• James Cronan

ESG for small business – a risk or an opportunity post Covid-19

ESG issues

ESG issues are becoming increasingly prevalent for businesses large and small as the world shifts to the 4th industrial revolution. In recent times the expectations of businesses to integrate ESG (Environmental, Social and Governance) risk management into business models has become mainstream. The modern business realises that ESG is an opportunity to not just have a deeper understanding of risks but seek brand enhancement, engage customers, partner with new suppliers, streamline operations, attract talent, greater preparation for unforeseen issues (such as pandemics) and improved financial performance.

Small to medium business

Small to medium business while limited with resources have a range of advantages of being community and locally focused, closer relationships with customers and suppliers, swifter decision-making processes, less bureaucracy and greater flexibility. Couple this with an increased number of ESG products targeting the SME sector in Australia such as lending, asset finance, insurance, trade finance, foreign exchange, investments, super and banking.



Focus in investment towards ESG-centric businesses

With such a significant shift in focus in investment towards ESG-centric businesses and ideas, the opportunity to find financial performance in implementation of ESG has never been easier. Operational changes such as recycled product use, waste management, water management, onsite renewables, digital technologies to reduce paper use and behavioural change.

“For businesses to thrive in the 2020s, they will need to understand the forces that will shape the next 10 years and use them to their advantage. There’s no doubt that sustainability and societal impact issues will be a leading force for driving value creation.” Rich Lesser, Global Chief Executive Officer, BCG, USA.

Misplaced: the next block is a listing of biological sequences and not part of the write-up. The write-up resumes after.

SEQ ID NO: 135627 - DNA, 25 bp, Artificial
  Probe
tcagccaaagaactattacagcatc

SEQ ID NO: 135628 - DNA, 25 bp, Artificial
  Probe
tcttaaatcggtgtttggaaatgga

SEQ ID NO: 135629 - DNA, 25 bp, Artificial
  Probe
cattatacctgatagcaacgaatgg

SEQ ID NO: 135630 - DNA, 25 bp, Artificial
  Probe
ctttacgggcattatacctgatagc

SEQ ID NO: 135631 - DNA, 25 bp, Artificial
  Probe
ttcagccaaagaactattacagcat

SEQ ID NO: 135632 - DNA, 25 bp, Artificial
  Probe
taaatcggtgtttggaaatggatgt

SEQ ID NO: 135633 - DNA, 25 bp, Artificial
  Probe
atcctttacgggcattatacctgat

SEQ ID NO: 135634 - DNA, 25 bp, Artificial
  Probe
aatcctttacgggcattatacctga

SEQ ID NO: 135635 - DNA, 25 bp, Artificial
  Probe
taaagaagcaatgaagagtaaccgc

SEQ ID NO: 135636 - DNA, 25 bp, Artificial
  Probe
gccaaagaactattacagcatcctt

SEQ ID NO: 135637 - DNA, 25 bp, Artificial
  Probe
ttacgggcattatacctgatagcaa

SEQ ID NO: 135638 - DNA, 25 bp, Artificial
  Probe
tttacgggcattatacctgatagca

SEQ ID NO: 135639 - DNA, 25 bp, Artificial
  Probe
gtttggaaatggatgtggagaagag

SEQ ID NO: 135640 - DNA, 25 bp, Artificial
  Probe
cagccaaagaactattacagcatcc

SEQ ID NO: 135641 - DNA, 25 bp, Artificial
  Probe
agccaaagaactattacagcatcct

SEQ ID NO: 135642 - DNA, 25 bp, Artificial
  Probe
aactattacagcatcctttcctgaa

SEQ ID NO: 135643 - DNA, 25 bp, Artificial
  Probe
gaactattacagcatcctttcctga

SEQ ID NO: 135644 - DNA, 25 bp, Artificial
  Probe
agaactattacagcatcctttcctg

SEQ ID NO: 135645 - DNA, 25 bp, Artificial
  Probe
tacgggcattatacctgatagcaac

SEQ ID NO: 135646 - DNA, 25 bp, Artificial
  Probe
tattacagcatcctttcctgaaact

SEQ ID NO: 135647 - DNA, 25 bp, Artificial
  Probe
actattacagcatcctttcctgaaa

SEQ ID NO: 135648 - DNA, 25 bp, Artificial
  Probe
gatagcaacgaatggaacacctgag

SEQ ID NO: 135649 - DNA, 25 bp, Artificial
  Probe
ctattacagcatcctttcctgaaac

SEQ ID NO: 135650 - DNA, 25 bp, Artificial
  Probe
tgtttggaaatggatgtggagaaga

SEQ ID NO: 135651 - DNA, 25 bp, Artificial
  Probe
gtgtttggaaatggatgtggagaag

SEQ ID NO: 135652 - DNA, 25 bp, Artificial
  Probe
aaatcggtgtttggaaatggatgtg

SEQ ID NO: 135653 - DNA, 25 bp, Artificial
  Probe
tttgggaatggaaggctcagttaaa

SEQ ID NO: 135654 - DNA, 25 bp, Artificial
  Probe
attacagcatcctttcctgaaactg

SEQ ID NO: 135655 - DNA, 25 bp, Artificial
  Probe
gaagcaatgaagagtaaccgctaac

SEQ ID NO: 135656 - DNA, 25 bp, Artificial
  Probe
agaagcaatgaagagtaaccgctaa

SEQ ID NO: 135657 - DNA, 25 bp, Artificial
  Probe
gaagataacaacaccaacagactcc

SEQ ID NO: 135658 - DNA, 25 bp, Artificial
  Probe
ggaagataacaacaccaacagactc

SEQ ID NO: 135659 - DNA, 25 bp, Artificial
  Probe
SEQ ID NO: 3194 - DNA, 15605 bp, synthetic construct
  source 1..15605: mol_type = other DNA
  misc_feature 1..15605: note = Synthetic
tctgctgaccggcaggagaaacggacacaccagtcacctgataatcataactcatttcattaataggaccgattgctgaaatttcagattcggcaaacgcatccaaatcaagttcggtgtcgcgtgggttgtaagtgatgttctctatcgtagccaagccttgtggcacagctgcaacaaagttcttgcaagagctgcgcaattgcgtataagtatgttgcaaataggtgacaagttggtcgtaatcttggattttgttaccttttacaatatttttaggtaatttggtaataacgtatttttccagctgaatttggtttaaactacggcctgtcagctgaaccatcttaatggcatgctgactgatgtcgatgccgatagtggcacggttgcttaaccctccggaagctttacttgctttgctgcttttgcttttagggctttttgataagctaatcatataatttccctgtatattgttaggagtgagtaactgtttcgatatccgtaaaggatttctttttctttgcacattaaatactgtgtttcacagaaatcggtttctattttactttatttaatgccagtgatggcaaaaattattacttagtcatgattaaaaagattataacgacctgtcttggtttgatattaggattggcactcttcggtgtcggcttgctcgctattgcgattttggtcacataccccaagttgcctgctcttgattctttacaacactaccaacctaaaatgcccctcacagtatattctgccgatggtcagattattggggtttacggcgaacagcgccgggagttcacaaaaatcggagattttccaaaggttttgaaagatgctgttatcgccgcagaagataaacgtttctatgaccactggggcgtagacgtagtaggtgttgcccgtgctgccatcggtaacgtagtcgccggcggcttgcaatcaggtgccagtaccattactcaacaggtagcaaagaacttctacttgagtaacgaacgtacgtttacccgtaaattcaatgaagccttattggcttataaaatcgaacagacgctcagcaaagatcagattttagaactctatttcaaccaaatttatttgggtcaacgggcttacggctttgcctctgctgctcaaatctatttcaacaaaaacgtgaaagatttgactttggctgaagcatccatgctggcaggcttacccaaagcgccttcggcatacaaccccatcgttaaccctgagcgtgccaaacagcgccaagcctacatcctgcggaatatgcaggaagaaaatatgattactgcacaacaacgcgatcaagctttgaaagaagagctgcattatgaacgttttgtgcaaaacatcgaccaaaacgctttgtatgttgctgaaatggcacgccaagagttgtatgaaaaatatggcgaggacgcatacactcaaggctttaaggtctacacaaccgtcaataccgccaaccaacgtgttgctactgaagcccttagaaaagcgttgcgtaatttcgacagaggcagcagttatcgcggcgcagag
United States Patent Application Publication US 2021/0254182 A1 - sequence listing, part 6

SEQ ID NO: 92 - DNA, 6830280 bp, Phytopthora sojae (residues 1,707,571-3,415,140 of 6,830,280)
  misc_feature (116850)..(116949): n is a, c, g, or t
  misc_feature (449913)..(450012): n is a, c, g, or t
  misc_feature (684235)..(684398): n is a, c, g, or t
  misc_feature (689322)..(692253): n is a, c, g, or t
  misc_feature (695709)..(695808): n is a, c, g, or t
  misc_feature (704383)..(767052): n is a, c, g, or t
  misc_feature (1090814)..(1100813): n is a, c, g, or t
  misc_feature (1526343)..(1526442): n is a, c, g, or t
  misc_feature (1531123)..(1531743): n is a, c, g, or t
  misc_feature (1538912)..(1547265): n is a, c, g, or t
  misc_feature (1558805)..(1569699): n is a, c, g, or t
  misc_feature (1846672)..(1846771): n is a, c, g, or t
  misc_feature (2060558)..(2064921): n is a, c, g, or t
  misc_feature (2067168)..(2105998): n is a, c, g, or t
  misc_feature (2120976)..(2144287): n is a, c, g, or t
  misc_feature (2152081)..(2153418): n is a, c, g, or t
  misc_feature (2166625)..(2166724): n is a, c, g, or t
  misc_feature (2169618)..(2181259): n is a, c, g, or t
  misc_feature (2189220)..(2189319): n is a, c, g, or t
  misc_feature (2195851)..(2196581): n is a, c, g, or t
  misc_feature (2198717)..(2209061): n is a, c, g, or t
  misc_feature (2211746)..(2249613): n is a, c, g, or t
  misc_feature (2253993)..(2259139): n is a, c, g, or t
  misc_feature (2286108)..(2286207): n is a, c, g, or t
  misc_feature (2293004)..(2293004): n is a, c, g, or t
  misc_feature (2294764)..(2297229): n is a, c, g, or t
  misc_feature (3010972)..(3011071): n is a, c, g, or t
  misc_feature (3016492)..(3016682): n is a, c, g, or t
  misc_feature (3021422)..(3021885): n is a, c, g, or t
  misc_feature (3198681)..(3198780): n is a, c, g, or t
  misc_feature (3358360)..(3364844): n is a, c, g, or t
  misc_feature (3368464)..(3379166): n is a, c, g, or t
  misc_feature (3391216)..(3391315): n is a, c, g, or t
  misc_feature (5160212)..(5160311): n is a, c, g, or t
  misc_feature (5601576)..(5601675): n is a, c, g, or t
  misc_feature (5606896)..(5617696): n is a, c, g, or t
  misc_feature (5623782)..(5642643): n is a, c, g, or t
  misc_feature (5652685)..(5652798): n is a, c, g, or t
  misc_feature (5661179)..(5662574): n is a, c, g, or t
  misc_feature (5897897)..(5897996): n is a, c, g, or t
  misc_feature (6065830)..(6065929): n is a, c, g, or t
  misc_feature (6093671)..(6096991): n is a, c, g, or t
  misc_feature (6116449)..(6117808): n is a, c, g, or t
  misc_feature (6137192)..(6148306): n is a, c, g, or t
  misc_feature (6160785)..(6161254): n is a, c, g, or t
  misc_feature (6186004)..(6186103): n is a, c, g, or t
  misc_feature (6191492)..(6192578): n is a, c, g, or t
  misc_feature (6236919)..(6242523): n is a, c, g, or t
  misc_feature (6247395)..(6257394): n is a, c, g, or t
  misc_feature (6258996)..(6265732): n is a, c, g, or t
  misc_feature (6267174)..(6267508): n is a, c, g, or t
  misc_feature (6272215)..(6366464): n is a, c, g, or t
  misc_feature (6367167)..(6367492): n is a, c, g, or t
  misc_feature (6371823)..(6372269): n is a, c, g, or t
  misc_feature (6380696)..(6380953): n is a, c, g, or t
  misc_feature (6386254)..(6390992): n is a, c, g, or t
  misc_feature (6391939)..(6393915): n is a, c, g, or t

Commitments to climate change

With the world currently not ‘on-track’ to achieve our commitments to climate change, an increase in regulations surrounding greenhouse gas emissions is inevitable. In line with these commitments many businesses are assessing pathways to carbon neutrality and even carbon neutral certifications of their business or product. This in turn is opening up options to cross-sell product into larger corporate businesses who’s procurement strategies are shifting to ethical and sustainable supply chains.

As a result

As a result, we’re seeing new products enter the market, new operating models emerge and greater transparency and resiliency of SME’s. Products such as HSBC Australian announcing an expansion of green term loans, revolving credit facilities and sustainability linked loans, or the Clean Energy Finance Corporation offering discounts to asset finance products through specific providers.

“As we’re learning in real-time with the outbreak of COVID-19 and its unexpected impacts, today’s companies must increasingly account for non-financial factors in their long- and short-term business plans. As companies look to adapt their value‑creation plans in the new business landscape, they must optimize performance against current and future material ESG issues to safeguard their companies and ensure long-term success.” Maha Eltobgy, Head of the Future of Investing at the World Economic Forum.

Conclusion

Thinking and acting on ESG risks in a proactive way is becoming more pressing for businesses of all shapes and sizes. The impacts of ESG on how modern businesses operate is now not only an opportunity to differentiate operating models and communication with customers and partners, but material impacts on financial performance and access to unique products. The new model of business has emerged, and early adopters are realising great top-line growth, reduced operating costs and better prepared for regulatory and legal challenges.